The reason the floor itself is being closed because two employees tested positive this week. Our own colleague Alison Kosik telling us Monday morning when she showed up at the exchange where she's been for years at this point, she said everybody knows her by name. For the first time, they started taking temperature and they started checking temperature as you go in. The exchange is telling us some of those tests, when there were issues, they sent them for further testing and two of the employees, again, have tested positive.


DONALD TRUMP, PRESIDENT OF THE UNITED STATES: I view it a as a -- in a sense, a wartime president. I mean, that's what we're fighting.

GOVERNOR ANDREW CUOMO (D), NEW YORK: The president and I agree this is a war. And we're in the same trench.

HILL (voice-over): As New York announces at least 2,300 confirmed cases, the most in the nation and a jump of a thousand in just one day, Governor Cuomo taking new measures to combat the spread.

CUOMO: I'm asking all businesses to work from home. But today, we are announcing a mandatory statewide requirement that no business can have more than 50 percent of their workforce report to work outside of their home.

HILL: The executive order exempts essential services including first responders, health care workers, pharmacies, and food delivery. About 20 percent of the New York cases require hospitalization, making the need for additional beds increasingly urgent. President Trump responding today.

TRUMP: We're sending, upon request, the two hospital ships, they're being prepared right now.

HILL: The Navy ships will be sent to New York and the West Coast.

Multiple states also putting out an urgent call for nurses as the virus is now confirmed in all 50 states.

TRUMP: It's the invisible enemy.

HILL: Meantime, life continues to change. The border with Canada closed to all nonessential travel.

Across northern California, nearly 8 million Americans now told to shelter in place.

And in Kansas, children will be home for the remainder of the school year.


GOV. LAURA KELLY (D), KANSAS: Unprecedented circumstances threaten the safety of our students and the professionals who work with them every day, and we must respond accordingly.

HILL: More confirmed cases across the sports world. The Ottawa Senators the first in the NHL to announce a player has tested positive. The entire team has to isolate.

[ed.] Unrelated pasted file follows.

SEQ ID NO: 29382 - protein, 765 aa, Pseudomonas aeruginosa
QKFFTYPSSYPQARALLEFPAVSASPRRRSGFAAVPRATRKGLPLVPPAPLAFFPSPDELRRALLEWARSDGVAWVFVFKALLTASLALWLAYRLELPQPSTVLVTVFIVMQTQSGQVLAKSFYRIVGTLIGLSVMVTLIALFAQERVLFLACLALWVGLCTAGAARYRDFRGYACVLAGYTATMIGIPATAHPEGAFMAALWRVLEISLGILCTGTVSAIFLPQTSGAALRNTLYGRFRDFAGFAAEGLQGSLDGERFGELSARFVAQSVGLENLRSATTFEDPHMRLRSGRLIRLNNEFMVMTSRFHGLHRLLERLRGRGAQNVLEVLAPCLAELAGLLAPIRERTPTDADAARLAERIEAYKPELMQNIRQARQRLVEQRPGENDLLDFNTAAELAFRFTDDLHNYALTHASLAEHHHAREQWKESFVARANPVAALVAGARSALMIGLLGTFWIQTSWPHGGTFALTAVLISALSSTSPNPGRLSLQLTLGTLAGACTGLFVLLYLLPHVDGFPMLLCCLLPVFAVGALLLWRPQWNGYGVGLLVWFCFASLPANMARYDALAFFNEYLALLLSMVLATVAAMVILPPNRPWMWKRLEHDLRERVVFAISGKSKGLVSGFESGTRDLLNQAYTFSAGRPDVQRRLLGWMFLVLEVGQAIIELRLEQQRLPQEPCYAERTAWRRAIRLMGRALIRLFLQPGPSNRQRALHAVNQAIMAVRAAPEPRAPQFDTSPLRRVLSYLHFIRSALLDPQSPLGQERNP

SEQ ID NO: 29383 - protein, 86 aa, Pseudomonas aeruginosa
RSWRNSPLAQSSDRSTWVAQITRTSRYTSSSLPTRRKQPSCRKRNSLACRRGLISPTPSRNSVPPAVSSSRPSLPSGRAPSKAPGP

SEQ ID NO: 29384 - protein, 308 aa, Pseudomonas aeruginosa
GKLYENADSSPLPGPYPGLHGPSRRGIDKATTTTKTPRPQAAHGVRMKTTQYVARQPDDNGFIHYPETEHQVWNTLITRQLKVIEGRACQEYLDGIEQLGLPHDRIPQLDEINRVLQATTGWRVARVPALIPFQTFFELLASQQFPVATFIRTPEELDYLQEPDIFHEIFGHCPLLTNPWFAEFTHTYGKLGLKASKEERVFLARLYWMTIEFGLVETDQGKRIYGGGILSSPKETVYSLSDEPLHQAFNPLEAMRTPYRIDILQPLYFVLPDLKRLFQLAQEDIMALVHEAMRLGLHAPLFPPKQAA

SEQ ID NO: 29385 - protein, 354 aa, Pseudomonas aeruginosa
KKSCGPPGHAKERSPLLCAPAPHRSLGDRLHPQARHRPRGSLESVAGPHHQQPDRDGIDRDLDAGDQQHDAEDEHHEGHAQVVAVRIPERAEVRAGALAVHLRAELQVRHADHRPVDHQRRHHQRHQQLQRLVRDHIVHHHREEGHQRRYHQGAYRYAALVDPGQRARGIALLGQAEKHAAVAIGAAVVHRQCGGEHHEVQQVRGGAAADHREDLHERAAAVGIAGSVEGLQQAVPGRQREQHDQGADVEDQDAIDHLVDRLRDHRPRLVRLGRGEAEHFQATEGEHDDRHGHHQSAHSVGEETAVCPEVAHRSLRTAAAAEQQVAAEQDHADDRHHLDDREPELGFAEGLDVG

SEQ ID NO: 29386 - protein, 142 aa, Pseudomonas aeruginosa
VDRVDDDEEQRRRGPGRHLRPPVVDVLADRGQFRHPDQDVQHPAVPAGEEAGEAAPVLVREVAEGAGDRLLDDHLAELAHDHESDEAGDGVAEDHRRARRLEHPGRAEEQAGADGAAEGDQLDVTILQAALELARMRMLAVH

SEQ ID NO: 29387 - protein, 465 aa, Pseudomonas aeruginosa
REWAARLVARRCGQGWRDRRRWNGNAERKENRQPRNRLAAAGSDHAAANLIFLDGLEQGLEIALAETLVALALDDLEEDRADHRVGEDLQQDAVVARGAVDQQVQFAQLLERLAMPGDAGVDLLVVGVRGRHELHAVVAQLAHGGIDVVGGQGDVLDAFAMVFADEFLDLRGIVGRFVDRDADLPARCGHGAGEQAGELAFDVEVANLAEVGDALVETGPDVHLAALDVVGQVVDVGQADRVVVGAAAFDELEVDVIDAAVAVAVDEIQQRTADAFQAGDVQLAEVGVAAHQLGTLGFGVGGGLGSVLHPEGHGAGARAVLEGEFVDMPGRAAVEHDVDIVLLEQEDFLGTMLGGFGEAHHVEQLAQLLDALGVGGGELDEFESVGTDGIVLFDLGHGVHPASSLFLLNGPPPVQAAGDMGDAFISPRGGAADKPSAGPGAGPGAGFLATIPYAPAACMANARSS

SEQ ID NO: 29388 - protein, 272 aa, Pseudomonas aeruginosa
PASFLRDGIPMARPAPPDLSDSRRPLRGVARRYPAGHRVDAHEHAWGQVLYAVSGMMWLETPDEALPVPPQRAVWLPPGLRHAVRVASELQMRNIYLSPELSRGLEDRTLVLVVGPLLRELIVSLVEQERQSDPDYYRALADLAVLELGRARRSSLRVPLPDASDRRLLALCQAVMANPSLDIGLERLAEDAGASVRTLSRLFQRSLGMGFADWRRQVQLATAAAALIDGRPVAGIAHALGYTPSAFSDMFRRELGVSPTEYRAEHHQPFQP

Meantime, pressure growing to cancel or postpone the Summer Olympic Games in Tokyo.

In Florida, defiant beachgoers causing alarm around the country while officials stress this is only the beginning.

GOVERNOR GRETCHEN WHITMER (D), MICHIGAN: I hear people say certain age groups are immune, I know this. In Michigan we have a 5-year-old that has tested positive for coronavirus. This is a situation that impacts everyone in every age group and I implore people to take this seriously.


COOPER: Erica, you're in Time Square. Have you noticed any changes there? I mean, are there -- I was surprised earlier today when I was driving through New York, how many people were out and about compared to I was in Washington, D.C. this morning.

Have you noticed what's Time Square like right now?

HILL: I think there are fewer people out and about in Times Square than maybe some of the neighborhoods, Anderson. There is a marked difference from when we talked to you from this same spot on Monday night. And that's because Broadway is dark. Stores are closed. Restaurants and bars are closed. And it really feels very empty and it's a feeling I have never felt in Time Square before.

COOPER: All right. Erica Hill, thanks very much.

We just learned the first setting member of Congress has tested positive, Florida Congressman Mario Diaz-Balart. He says in a statement he is feeling much better but urged people to take the virus, quote, extremely seriously.